Arsenal’s hopes of re-emerging as a genuine force in the Premier League could be hit by two major financial setbacks over the coming months.
The Gunners have endured a disappointing campaign in 2019/20 and it is looking increasingly unlikely that they will secure Champions League qualification.
Their 3-0 defeat at Manchester City on Wednesday left them ninth in the standings, eight points behind fourth placed Chelsea.
While City’s potential European ban opens up the possibility of fifth place qualifying for the competition, Arsenal don’t currently look good enough to sneak in.
With Mikel Arteta’s side also facing plenty of competition for a Europa League spot, the club’s coffers could take a huge battering next term.
Another big issue for Arsenal is the prospect of playing games behind closed doors over a sustained period of time.
Although tentative talks have been held regarding when fans may be allowed back into stadiums, nothing has been set in stone just yet.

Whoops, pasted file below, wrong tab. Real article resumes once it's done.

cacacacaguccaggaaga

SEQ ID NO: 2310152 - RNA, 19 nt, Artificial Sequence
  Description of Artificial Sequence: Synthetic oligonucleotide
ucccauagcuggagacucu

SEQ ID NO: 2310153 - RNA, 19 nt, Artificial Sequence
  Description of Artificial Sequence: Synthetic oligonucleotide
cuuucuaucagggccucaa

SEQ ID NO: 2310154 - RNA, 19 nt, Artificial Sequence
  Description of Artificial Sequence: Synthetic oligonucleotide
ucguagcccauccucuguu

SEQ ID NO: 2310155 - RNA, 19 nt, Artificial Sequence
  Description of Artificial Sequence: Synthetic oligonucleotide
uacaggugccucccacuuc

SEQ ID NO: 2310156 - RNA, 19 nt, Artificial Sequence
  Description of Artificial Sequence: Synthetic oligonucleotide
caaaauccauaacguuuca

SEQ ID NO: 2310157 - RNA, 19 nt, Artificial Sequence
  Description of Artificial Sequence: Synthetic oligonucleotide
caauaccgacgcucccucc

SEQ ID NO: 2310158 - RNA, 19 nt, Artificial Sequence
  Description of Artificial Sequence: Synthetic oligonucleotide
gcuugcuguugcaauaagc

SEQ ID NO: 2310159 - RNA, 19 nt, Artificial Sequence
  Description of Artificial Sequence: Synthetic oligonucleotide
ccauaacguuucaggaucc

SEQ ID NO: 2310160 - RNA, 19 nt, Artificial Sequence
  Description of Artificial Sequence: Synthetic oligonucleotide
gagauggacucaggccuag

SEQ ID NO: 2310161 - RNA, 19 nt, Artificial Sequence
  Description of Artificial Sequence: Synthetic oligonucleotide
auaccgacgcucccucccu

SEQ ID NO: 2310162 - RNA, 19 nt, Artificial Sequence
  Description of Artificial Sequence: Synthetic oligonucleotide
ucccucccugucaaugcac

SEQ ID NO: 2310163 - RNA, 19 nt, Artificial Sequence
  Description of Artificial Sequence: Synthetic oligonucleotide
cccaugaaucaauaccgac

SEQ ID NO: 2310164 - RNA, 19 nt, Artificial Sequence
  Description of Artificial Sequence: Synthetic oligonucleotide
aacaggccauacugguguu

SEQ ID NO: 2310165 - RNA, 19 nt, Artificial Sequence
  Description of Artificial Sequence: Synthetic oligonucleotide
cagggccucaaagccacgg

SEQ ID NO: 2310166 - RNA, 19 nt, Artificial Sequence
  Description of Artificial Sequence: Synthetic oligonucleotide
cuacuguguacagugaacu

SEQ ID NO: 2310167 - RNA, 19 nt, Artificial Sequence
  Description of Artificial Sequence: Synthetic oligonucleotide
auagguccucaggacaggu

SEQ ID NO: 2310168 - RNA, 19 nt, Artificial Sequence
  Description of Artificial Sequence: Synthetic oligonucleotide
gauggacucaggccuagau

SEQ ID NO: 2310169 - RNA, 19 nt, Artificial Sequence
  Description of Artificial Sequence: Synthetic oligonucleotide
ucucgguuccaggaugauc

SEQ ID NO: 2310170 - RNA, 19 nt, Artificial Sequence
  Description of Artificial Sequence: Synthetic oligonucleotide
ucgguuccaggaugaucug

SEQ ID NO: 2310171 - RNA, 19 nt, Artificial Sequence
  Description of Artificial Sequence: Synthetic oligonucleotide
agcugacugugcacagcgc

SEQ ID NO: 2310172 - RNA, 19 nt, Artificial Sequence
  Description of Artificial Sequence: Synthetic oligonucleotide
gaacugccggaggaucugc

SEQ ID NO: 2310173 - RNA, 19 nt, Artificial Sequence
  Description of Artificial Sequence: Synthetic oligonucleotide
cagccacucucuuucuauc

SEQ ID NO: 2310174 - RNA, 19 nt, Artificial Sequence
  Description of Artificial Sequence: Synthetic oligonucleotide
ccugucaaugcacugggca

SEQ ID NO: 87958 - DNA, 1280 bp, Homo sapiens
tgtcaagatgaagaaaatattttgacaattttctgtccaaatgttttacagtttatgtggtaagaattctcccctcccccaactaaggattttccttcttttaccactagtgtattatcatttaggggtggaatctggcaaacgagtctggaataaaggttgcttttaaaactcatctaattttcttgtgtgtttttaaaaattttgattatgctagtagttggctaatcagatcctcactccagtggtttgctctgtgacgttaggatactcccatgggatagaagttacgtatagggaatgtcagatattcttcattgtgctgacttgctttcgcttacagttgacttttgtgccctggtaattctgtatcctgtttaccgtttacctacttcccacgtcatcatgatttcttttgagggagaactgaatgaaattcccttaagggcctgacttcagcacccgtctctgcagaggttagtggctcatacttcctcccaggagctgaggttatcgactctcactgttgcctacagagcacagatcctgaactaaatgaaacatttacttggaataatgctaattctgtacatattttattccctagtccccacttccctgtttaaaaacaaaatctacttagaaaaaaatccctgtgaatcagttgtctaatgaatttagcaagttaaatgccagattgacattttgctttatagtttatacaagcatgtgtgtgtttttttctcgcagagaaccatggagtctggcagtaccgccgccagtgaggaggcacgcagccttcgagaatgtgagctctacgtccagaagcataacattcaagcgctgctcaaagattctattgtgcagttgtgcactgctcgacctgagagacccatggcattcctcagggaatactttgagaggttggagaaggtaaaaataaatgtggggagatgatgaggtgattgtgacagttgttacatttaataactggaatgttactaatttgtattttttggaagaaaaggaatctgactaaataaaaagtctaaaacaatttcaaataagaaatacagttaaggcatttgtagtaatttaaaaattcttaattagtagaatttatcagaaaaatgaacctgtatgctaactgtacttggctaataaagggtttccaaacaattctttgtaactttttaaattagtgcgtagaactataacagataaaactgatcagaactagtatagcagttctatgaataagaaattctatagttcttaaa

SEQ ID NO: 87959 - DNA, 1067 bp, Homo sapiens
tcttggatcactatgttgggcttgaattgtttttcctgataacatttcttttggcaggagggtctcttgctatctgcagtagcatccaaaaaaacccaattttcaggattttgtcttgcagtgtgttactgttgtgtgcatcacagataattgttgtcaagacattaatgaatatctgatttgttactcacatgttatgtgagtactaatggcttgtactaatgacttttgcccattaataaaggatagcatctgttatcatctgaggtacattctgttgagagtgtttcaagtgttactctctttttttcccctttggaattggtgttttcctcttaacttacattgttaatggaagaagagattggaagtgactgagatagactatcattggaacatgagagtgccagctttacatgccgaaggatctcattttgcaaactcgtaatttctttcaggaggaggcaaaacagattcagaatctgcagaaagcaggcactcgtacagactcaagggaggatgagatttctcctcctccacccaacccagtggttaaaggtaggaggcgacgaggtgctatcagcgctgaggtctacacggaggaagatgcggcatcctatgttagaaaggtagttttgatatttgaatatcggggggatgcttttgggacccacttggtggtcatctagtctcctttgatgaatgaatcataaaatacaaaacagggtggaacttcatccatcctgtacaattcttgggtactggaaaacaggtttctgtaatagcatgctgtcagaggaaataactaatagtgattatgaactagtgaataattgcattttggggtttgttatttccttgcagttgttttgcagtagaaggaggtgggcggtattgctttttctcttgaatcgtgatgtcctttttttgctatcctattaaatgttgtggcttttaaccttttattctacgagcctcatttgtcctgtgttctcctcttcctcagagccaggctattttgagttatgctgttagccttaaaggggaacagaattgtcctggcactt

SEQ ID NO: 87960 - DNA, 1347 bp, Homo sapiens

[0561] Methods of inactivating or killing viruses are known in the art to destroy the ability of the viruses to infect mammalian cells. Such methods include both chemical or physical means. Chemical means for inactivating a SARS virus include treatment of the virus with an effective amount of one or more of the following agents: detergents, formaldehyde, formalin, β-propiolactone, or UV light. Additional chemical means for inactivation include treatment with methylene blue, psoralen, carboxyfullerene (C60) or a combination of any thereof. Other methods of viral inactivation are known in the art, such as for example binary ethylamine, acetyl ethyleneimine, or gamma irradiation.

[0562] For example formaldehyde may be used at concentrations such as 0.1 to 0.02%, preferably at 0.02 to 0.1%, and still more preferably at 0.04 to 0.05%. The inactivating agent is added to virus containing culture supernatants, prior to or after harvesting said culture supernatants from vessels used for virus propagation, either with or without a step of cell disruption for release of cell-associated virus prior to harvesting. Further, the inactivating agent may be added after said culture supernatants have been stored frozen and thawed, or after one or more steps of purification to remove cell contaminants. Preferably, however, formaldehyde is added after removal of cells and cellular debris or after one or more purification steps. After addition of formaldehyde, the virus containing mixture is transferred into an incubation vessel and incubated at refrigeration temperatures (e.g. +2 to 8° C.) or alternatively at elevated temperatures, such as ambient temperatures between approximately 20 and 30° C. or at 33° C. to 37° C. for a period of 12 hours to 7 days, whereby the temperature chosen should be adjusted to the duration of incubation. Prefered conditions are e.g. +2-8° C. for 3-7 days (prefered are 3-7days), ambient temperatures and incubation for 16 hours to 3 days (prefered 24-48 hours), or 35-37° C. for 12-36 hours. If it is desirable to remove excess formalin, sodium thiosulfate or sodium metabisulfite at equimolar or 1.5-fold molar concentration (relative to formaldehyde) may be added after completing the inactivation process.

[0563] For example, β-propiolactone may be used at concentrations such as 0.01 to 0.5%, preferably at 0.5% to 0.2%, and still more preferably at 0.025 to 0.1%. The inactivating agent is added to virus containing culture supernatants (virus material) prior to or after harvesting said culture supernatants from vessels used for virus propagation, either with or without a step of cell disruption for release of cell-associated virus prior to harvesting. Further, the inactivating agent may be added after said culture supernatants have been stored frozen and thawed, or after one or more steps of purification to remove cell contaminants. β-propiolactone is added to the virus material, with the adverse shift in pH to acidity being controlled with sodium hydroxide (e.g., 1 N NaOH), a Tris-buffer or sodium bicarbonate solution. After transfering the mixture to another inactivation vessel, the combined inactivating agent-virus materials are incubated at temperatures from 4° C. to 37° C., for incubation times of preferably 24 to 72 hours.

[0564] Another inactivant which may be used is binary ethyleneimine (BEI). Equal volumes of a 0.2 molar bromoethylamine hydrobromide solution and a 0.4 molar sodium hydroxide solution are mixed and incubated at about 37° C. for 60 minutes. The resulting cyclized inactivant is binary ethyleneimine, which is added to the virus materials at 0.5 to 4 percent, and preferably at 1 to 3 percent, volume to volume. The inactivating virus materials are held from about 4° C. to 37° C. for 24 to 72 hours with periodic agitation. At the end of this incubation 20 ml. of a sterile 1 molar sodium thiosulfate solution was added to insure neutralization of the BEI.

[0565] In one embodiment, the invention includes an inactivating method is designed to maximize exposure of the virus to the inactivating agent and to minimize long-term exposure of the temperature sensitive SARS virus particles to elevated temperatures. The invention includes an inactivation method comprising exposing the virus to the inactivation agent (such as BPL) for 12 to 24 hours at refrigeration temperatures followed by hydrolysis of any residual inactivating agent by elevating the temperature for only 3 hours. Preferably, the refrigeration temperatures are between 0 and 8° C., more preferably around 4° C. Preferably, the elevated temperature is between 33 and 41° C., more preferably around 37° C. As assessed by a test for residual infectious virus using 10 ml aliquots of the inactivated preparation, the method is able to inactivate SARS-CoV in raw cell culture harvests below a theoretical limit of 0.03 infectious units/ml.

That creates another huge headache, with the club heavily reliant on matchday income to fund its annual operations.
According to research by Betway Football, fans generated £96 million revenue for Arsenal last season, a figure that represents 24 percent of the club’s £396m turnover.
Only Manchester United had a higher income on matchday, with Old Trafford’s greater capacity allowing them to rake in £111m.
Football finance expert, Kieran Maguire, has conducted extensive research into Premier League revenues over the past few years.
Maguire, who authored ‘The Price of Football’, says clubs like Arsenal will have to be extremely creative to cover the shortfall created by the ban on supporters.
“They will be trying to claw that back in some shape or form,” he said. “I think football might have to reinvent its relationship with fans in terms of its ability to offer an experience.
“Those clubs with good lines of communication to their fans will be successful, they will work hard to engage with them. The industry is big, but it’s got to innovate.”
With Arsenal currently a long way short of the quality needed to challenge the Premier League’s big guns these are undoubtedly worrying times for the club’s fans.
However, Maguire believes things could get much worse over the coming months, suggesting that star players may need to be sold in order to plug the financial gap.
“Clubs have got such high fixed costs and they might have to think of ways they can cut back,” he added. “The return to some form of live action is essential. I’m not trying to be sensationalist.”
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